Residents must follow strict steps to avoid E.Coli infections

Messrs Tim Denny and Tonny Mabizela (DA councillors) discuss the looming environmental crisis caused by sewage polluting local waterways.

Dangerously high levels of the bacteria commonly known as E.Coli, have been found in no less than five different waterways in Govan Mbeki Municipality.

The most likely cause of this contamination is raw, untreated human waste flowing into streams, rivers and dams in eMbalenhle, Leandra, Leslie and Lebohang.

A lack of infrastructure, coupled with overcrowding in informal settlements and broken down sewage treatment plants and pump stations, have caused a flood of sewage to flow into these waterways.

The Govan Mbeki Municipality was contacted for urgent comment on this matter, but have yet to answer any of the burning questions regarding this health crisis.

For now residents have to fend for themselves and the most vulnerable residents will be most harshly affected by the contaminated water.

Food and water that have been infected with E.Coli do not not look or smell contaminated, but nevertheless the dangerous germs can still be present.

The best way to ensure you do not become infected with this dangerous bacteria, is to avoid any contact with contaminated water.

Many residents however use water from streams and rivers to clean, wash clothes, bathe, cook and drink and have no alternative sources of clean water.

The E.Coli bacteria only dies when water is boiled and then left in a clean, bacteria free container to cool off before drinking, so residents are urged to boil all water used for household purposes before using it.

Food like meat, eggs and dairy must also be cooked thoroughly at temperatures exceeding 70 degrees Celsius, and fruit and vegetables that will be eaten raw must be washed with a disinfectant soap and water and dried before being eaten.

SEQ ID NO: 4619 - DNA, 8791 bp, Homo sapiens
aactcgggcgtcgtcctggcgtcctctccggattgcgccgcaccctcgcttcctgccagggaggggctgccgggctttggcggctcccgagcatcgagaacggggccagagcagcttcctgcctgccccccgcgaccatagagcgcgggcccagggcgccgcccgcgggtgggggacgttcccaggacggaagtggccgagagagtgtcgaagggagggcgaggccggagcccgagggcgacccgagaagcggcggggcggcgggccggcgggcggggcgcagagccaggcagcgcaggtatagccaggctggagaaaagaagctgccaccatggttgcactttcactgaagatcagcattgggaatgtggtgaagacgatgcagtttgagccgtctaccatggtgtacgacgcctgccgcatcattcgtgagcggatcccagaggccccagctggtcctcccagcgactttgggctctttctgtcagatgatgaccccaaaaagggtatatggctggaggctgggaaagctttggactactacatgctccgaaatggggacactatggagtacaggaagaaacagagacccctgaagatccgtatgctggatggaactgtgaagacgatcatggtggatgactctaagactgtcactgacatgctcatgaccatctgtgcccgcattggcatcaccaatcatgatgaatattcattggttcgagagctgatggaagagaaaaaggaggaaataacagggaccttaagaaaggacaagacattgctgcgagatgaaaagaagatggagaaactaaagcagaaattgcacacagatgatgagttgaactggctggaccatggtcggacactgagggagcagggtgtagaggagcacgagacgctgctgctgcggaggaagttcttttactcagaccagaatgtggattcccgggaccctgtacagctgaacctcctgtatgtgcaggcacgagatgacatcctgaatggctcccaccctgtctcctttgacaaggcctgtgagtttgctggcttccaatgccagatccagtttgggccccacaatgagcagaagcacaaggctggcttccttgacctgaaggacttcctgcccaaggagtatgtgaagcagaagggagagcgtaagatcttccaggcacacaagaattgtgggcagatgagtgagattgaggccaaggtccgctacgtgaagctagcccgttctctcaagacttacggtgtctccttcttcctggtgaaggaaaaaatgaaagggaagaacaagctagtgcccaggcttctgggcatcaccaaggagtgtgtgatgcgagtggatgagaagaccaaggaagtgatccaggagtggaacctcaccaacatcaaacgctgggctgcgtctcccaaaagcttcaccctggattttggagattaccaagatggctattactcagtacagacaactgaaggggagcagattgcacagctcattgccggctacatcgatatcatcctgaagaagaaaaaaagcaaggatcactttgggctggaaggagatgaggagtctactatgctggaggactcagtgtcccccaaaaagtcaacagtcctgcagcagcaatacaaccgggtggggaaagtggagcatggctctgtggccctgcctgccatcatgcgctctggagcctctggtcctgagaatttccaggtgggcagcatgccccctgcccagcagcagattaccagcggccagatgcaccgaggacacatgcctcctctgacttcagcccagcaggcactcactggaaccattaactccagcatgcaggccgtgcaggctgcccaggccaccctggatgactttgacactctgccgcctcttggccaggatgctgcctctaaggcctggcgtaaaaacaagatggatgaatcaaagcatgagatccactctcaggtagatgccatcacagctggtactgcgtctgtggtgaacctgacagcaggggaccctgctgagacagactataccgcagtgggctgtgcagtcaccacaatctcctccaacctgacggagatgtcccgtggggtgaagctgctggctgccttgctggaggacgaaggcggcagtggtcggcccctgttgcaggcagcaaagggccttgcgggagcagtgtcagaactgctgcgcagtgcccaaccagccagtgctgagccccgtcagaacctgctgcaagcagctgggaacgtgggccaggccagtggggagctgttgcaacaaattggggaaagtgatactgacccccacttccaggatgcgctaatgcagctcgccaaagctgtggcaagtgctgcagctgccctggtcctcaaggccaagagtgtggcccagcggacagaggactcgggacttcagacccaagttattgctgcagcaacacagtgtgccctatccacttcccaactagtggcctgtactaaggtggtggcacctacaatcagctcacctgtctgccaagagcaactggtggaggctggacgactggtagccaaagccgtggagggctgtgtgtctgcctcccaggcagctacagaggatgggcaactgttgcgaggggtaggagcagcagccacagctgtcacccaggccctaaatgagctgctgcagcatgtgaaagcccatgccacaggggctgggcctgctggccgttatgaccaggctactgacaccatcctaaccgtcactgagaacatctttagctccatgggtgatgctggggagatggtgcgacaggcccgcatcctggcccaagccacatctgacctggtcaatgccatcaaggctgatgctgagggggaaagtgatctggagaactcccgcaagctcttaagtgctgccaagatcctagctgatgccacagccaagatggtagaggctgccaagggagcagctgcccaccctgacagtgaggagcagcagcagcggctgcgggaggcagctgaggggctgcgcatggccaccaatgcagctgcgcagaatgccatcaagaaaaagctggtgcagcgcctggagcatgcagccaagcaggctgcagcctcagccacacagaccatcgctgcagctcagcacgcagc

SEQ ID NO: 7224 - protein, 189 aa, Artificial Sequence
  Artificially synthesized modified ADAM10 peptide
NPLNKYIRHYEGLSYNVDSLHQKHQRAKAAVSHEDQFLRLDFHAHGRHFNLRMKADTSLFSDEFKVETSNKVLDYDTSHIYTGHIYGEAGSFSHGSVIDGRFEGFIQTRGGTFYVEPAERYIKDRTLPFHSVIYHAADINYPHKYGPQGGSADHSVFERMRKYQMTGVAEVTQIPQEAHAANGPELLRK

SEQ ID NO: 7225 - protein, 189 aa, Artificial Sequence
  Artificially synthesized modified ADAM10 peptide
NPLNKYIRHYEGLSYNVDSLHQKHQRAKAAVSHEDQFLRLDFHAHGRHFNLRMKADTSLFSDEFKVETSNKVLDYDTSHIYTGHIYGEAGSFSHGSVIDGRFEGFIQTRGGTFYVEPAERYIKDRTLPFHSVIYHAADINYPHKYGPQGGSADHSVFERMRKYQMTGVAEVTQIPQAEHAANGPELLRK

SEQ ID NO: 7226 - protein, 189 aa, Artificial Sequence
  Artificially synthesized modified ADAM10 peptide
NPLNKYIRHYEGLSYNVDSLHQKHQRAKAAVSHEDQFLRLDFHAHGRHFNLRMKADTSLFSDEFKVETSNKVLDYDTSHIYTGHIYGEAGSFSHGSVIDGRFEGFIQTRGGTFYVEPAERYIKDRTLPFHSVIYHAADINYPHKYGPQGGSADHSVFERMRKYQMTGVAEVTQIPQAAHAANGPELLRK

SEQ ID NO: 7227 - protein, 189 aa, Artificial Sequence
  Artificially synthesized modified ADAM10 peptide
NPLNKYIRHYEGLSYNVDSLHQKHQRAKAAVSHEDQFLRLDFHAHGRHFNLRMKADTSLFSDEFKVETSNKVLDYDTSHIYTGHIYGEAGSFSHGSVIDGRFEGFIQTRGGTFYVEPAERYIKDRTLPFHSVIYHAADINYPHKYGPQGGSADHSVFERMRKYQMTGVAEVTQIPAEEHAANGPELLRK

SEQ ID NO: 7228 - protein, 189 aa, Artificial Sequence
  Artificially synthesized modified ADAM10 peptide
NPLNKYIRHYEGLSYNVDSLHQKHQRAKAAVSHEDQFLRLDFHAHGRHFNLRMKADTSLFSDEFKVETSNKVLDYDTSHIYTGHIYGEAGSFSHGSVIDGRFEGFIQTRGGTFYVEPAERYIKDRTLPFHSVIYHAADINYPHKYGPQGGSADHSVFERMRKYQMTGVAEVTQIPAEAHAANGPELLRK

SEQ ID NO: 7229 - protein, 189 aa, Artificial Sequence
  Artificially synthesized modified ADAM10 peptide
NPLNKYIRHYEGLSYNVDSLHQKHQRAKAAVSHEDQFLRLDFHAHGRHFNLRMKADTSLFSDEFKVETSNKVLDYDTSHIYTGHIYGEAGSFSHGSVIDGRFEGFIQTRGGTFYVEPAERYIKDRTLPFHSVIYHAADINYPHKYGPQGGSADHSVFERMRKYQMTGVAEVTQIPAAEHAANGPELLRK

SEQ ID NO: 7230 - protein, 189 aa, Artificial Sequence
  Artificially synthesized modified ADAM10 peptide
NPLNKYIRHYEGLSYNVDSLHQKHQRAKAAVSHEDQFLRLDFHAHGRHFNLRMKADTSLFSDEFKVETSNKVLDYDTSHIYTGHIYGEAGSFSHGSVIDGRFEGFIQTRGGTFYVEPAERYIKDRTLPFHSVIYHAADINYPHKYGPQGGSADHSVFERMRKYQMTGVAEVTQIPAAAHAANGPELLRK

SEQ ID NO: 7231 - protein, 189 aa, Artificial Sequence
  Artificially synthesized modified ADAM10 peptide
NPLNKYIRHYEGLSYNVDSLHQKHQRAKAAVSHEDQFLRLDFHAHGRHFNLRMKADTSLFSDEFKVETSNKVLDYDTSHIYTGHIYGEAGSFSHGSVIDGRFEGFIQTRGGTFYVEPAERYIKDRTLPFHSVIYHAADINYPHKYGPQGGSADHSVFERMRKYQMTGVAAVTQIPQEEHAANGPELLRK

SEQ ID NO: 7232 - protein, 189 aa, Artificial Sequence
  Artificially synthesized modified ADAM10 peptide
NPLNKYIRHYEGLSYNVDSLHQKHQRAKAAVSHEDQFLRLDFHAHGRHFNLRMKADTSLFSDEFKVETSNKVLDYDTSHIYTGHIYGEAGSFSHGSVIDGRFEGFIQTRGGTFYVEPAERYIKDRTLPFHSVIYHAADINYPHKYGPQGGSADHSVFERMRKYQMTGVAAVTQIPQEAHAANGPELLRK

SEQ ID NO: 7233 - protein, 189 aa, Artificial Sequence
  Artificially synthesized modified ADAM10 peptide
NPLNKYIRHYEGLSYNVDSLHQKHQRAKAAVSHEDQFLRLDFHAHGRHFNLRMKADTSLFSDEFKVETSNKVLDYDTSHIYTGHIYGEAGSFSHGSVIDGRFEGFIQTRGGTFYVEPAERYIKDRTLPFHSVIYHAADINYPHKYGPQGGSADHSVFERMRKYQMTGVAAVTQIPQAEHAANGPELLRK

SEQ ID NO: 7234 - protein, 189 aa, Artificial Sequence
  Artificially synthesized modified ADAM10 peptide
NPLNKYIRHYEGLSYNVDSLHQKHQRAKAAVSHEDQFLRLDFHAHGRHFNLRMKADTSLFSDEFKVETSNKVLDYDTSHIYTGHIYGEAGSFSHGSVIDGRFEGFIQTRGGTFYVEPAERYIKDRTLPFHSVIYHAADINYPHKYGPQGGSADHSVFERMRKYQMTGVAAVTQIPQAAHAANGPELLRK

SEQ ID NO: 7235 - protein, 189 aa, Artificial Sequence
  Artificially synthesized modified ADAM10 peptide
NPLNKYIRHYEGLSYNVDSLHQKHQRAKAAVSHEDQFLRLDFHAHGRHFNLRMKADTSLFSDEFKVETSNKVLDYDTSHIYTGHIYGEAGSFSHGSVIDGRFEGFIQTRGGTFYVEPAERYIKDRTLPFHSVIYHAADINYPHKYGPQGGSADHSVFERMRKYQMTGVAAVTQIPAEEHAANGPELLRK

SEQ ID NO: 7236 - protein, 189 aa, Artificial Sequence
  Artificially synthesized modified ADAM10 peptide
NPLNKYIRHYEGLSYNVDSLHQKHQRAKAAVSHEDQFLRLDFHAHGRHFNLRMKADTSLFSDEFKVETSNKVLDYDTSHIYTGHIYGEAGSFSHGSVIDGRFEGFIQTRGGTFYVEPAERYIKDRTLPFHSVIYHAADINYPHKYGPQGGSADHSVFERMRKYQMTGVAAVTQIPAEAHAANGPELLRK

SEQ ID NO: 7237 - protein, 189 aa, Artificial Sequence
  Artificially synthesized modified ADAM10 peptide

Residents must avoid swimming in streams and rivers, wash their hands thoroughly with disinfectant soap after going to the bathroom and avoid touching animal feces.

Symptoms of E.Coli infections vary greatly and can be as light as nausea and diarrhea which clear up in a few days, to kidney failure and toxic shock syndrome.

In children and the elderly, the initial signs of E.Coli infections include nausea, diarrhea, abdominal pain and cramps, fever and vomiting.

E.Coli can also cause severe dehydration and kidney failure, urinary tract infections and life threatening toxic shock syndrome which can lead to heart failure and death.

If you suspect that you have been infected by E.Coli, speak to your doctor or go to the emergency unit.

The E.Coli bacteria cannot be killed by medication or even antibiotics, but doctors can help you with supportive care and help lessen the symptoms while the bacteria passes through your body.

You should avoid taking anti-diarrhea or anti-vomiting medication as this will only prolong your illness and keep the bacteria in your body longer.

Your doctor will advise you to rest, stay hydrated and allow your immune system to fight off the bacteria if it can.

In severe cases and with severe dehydration and loss of blood through bloody diarrhea and vomiting, you may need to have a blood transfusion and stay in the hospital for an extended period.

 

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  AUTHOR
Willemien Aukema
Journalist

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